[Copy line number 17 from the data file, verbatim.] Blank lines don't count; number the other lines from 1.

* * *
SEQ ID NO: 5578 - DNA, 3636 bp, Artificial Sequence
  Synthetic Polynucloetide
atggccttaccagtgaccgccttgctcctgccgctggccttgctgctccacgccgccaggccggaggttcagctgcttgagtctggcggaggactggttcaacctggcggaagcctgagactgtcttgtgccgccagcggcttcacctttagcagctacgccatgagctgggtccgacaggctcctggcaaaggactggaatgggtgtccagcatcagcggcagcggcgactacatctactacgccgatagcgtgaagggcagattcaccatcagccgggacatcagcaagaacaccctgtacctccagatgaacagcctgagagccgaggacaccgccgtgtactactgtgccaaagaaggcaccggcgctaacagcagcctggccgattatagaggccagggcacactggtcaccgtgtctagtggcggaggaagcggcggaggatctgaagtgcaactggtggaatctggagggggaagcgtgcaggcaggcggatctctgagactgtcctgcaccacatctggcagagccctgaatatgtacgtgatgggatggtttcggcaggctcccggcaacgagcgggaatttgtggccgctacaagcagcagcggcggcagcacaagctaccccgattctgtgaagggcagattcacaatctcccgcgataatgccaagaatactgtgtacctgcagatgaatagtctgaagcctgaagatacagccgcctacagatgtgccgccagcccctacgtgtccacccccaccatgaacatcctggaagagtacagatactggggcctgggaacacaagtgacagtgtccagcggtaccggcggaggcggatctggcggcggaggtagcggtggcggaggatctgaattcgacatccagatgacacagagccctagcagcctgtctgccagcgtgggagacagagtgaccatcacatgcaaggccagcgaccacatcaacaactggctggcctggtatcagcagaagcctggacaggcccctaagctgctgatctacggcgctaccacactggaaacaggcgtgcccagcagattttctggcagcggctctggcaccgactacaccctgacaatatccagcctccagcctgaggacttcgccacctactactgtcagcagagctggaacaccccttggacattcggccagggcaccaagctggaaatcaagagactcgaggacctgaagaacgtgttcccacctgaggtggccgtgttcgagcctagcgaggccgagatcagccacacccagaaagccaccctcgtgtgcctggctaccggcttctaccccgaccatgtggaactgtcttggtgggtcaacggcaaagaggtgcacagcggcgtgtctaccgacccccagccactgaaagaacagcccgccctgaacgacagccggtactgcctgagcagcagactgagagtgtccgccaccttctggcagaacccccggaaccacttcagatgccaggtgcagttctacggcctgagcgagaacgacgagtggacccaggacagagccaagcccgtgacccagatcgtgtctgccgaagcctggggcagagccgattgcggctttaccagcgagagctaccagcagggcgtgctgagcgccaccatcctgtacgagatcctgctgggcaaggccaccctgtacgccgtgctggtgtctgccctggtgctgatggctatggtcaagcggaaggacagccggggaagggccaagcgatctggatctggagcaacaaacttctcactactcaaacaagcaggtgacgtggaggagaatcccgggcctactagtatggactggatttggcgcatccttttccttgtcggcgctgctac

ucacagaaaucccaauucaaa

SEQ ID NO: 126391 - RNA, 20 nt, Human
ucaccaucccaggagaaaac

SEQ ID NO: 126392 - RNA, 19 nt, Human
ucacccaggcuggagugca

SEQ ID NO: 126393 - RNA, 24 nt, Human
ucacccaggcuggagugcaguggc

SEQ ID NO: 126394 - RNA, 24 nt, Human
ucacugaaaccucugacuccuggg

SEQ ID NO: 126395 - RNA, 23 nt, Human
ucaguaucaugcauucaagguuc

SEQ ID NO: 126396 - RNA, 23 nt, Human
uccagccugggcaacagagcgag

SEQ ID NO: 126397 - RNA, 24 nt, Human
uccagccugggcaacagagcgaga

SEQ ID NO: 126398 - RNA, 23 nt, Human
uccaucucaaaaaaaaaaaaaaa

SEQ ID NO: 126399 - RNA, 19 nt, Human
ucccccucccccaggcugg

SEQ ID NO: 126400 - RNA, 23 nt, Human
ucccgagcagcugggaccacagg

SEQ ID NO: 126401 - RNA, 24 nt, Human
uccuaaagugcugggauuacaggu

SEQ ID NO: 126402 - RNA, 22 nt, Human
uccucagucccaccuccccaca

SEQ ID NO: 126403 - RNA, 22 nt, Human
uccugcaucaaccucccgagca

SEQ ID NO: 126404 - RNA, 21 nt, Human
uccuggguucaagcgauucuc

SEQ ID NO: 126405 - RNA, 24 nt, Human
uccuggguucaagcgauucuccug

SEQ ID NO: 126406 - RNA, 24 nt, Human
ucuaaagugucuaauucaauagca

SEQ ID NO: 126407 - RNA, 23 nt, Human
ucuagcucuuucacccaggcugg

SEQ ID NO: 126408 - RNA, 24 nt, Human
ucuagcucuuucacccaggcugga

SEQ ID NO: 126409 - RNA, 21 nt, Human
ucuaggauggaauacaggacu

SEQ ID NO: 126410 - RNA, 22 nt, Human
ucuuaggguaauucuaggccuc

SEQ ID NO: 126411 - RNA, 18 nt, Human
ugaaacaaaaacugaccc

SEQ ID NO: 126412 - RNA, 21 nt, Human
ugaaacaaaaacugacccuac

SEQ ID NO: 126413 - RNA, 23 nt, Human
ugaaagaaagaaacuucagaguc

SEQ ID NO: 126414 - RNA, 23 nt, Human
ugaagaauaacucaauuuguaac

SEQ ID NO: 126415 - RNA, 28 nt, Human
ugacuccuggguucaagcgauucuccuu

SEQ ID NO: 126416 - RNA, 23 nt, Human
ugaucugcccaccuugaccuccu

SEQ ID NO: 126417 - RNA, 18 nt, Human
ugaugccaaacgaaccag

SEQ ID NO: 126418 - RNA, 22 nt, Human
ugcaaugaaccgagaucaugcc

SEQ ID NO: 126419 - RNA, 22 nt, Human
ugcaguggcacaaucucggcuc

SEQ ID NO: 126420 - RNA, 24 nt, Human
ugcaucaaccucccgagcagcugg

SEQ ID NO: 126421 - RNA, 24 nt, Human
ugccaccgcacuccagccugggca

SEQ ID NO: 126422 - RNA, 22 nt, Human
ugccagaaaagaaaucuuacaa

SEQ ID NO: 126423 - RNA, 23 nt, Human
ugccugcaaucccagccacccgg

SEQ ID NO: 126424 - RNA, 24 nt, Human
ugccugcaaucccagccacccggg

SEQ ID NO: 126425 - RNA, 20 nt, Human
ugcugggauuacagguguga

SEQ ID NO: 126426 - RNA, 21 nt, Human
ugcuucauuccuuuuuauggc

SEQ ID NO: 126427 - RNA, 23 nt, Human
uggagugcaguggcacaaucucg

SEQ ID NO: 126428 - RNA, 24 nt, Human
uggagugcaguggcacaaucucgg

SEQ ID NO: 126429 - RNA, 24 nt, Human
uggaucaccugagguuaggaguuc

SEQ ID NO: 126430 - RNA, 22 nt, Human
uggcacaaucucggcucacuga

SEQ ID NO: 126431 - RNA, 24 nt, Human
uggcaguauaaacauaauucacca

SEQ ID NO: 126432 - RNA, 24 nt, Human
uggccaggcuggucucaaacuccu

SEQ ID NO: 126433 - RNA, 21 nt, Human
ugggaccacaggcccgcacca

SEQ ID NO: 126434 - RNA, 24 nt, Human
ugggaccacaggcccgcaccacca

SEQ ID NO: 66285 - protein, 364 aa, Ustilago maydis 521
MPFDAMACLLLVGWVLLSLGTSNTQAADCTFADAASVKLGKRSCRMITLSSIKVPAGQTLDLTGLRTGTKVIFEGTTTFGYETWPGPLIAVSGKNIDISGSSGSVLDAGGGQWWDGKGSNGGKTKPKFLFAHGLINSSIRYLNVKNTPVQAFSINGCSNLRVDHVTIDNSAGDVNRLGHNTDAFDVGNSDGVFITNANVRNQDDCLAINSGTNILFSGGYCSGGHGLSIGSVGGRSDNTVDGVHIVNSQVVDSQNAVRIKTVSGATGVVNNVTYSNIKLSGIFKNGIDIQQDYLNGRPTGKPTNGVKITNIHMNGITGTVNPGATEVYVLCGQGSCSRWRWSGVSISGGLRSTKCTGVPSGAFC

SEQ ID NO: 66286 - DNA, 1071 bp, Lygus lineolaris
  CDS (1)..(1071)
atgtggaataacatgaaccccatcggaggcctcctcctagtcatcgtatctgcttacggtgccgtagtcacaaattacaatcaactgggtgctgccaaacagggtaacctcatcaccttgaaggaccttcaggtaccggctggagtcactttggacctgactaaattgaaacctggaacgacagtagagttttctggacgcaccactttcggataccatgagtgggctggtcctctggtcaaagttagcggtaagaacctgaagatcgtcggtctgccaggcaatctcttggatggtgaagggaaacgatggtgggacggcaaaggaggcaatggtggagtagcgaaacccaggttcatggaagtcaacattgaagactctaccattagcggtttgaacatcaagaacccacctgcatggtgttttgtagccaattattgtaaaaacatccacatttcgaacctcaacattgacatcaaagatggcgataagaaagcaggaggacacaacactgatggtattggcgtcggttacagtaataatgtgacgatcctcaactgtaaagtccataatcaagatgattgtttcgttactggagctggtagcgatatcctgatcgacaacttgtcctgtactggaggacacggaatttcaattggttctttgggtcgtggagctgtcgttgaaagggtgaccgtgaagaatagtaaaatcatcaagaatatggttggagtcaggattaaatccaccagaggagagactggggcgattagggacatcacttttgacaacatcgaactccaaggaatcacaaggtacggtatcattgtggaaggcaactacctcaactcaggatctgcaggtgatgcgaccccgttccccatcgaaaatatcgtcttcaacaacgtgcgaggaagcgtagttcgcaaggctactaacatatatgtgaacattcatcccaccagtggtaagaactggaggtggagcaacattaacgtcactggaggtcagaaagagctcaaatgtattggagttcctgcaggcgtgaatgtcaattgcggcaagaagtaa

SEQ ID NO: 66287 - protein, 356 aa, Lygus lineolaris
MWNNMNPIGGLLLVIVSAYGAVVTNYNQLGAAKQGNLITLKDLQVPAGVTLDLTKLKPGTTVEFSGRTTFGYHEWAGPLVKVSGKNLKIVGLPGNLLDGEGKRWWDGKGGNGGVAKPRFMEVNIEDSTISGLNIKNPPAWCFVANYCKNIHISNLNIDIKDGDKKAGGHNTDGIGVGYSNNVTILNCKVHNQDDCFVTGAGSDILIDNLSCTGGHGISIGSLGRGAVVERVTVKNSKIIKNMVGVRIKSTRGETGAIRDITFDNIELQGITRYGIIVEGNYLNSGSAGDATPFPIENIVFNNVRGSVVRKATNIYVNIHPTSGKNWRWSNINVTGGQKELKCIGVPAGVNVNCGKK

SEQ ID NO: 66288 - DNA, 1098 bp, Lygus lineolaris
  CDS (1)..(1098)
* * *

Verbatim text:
SEQ ID NO: 126397 - RNA, 24 nt, Human